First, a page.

(FROM OUR REGULAR CORRESPONDENT.)
Influenza an old acquaintance in Ireland— Alarms of Cholera—Asepsis of Catheters—Death of Sir William Hoffmeister—Sanitary Condition of Workmen's Dwellings in Liverpool—A New Way of Committing Suicide.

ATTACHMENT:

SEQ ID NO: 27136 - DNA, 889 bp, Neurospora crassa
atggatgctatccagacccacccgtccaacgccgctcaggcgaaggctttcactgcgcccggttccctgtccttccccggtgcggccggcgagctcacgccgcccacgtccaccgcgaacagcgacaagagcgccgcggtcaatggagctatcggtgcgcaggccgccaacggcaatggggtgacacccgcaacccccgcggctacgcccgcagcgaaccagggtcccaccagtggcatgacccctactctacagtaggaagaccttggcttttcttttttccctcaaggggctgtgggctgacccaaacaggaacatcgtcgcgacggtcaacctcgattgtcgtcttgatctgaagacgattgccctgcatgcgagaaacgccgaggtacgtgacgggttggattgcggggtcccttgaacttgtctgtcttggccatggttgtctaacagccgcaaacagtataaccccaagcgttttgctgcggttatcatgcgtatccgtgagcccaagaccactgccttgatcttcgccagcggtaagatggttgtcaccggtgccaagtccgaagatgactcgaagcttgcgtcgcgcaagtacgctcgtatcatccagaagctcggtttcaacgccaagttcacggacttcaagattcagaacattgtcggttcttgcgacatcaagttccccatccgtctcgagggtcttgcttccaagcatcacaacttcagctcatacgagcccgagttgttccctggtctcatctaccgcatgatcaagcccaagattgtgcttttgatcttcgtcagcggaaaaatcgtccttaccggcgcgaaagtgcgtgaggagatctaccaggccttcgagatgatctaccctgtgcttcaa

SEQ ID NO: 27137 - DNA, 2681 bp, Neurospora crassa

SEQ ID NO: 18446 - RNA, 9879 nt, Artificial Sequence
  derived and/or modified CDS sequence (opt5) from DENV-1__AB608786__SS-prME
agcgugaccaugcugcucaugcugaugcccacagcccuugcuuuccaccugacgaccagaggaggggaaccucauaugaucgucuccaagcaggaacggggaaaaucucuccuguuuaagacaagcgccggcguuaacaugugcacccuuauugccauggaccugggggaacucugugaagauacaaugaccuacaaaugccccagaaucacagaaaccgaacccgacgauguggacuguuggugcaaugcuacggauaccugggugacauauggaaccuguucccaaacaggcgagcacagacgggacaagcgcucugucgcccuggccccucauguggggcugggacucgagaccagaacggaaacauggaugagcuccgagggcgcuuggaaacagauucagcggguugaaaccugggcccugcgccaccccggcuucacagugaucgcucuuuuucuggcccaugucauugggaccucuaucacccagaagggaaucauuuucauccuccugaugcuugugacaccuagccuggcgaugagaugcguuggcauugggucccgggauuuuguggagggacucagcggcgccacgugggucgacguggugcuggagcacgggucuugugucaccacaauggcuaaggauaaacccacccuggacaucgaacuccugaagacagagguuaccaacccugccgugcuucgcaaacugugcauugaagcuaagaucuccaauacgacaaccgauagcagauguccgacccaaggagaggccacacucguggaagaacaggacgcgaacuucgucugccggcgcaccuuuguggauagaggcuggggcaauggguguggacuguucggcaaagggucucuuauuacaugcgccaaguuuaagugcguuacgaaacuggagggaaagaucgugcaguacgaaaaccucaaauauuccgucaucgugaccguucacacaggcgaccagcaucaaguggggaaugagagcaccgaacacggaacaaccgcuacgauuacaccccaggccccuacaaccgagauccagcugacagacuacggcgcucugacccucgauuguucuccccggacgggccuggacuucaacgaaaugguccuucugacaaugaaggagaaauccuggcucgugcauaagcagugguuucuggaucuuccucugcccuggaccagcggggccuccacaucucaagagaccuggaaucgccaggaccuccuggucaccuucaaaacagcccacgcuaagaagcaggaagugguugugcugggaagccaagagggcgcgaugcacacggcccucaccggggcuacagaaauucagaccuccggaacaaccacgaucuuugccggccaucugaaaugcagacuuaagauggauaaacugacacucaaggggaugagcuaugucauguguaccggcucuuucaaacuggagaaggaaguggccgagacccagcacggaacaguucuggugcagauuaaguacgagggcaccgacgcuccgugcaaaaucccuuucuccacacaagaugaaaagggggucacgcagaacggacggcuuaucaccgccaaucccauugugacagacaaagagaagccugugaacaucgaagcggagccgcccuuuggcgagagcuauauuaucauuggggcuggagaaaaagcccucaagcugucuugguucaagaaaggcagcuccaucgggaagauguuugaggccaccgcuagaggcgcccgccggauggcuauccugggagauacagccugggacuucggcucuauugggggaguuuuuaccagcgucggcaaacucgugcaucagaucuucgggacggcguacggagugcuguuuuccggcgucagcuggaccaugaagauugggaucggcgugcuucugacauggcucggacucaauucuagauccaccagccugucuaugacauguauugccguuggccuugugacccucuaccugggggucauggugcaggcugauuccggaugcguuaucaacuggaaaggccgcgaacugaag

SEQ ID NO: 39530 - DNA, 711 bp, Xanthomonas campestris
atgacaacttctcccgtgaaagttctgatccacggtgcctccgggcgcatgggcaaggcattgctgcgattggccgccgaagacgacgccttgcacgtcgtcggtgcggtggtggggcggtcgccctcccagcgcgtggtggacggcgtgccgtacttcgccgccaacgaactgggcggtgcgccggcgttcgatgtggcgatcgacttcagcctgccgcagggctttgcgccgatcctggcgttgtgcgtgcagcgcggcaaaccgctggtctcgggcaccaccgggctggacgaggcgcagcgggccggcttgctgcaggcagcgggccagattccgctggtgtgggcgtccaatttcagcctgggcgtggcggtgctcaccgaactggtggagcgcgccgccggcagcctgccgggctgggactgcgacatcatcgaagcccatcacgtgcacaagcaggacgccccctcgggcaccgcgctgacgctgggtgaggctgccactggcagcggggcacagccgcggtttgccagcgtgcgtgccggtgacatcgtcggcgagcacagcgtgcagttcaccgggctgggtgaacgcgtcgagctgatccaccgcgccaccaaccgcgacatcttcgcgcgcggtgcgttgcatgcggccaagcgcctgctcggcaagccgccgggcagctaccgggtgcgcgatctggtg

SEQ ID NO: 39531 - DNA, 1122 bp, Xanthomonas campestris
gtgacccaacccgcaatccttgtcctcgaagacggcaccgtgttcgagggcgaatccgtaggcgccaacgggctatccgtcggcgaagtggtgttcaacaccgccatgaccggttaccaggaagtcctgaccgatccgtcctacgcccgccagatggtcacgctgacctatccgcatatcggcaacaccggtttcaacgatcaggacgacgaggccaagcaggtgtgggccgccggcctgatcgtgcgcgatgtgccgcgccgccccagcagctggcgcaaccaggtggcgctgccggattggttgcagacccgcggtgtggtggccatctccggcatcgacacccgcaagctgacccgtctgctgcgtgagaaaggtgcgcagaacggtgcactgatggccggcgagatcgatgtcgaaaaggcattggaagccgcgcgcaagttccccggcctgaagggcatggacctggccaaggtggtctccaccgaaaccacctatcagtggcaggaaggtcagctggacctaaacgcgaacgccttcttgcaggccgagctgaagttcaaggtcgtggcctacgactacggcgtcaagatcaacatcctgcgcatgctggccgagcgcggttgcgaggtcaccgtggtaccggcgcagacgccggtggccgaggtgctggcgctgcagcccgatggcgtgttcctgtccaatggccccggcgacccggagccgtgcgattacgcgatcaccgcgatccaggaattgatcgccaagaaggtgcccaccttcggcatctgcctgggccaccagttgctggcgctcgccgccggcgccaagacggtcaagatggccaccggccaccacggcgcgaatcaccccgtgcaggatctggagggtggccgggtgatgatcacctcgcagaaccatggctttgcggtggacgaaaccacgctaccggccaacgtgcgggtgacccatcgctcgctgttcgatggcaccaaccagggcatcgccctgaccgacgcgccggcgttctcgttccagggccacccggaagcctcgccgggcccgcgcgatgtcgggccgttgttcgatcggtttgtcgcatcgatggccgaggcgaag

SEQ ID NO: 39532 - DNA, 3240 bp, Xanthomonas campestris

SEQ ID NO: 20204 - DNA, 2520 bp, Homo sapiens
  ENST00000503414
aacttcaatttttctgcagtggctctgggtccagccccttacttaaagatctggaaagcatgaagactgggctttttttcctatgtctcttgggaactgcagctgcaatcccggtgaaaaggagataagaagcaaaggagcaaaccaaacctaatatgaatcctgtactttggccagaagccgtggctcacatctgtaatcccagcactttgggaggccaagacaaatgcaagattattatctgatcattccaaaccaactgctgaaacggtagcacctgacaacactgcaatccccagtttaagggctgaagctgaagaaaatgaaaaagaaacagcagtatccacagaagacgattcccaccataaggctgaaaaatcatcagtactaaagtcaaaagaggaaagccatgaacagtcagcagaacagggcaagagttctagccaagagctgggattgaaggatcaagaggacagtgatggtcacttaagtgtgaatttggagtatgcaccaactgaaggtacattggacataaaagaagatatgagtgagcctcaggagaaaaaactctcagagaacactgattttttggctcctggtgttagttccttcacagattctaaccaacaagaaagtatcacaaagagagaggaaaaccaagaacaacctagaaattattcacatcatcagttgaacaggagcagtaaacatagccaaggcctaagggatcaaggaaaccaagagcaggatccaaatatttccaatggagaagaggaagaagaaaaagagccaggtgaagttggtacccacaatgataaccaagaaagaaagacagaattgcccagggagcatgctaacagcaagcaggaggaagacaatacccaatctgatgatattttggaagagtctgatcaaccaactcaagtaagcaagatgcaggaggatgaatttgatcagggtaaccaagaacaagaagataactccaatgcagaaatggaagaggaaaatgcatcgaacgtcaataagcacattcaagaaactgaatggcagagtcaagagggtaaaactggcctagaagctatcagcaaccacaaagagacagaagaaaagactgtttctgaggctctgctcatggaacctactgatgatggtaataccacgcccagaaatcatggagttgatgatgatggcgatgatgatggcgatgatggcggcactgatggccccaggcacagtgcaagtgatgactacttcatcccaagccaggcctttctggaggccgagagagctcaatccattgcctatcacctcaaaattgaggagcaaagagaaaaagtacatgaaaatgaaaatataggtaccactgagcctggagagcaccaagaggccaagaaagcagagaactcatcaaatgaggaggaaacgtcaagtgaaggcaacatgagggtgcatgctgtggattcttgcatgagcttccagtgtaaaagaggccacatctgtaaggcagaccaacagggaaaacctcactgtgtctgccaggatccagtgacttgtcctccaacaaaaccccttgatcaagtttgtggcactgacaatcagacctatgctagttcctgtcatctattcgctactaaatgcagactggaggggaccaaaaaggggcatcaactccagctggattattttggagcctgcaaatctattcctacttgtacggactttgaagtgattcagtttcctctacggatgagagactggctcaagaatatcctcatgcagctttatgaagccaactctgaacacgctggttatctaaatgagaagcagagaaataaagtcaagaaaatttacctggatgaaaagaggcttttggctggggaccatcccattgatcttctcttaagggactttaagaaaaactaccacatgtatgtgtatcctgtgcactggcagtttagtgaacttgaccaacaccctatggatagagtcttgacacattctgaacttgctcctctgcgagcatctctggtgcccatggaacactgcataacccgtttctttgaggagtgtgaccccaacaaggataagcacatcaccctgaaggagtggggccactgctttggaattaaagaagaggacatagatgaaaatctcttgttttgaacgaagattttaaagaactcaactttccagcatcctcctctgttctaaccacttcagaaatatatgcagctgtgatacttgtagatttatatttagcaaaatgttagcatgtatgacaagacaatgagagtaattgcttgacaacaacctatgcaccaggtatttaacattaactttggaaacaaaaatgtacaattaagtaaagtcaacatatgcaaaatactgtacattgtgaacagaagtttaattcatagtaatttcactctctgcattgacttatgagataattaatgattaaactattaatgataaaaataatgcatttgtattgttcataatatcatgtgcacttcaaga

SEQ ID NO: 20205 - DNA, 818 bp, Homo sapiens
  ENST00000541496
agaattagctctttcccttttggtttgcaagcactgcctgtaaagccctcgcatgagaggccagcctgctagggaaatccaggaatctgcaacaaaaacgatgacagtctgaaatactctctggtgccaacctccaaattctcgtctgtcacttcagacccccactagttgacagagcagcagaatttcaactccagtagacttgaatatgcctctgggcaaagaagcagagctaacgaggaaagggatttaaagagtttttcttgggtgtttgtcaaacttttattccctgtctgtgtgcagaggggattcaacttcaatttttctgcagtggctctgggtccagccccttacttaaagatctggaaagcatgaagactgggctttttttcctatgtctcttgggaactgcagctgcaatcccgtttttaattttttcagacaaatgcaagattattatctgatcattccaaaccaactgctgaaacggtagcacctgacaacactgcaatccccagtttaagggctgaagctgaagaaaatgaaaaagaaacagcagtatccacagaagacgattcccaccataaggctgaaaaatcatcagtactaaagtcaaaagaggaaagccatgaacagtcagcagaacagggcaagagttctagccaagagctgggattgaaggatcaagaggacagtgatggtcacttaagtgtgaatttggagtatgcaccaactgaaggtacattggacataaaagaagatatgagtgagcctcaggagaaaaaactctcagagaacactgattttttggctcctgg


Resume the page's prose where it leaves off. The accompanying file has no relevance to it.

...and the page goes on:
Influenza, according to the Irish Local Government Board, is an old acquaintance in Ireland. A passage is quoted from the "Annals of Ulster," A.D. 1326: "Awful thunder and lightning this year which destroyed the corn and produce of Erinn so that it was blanched and waste. An epidemial disease common throughout all Erinn which was called ' Staedan ' (prostration), which affected during three or four days every person so that it was second only to death." In 1328 influenza is recorded under the name of "staedan" in the "Annals of the Four Masters" and in the "Annals of Connaught," and under the name of "Murre" in the "Annals of Clon Machoire." Several outbreaks of influenza are mentioned in the fourteenth century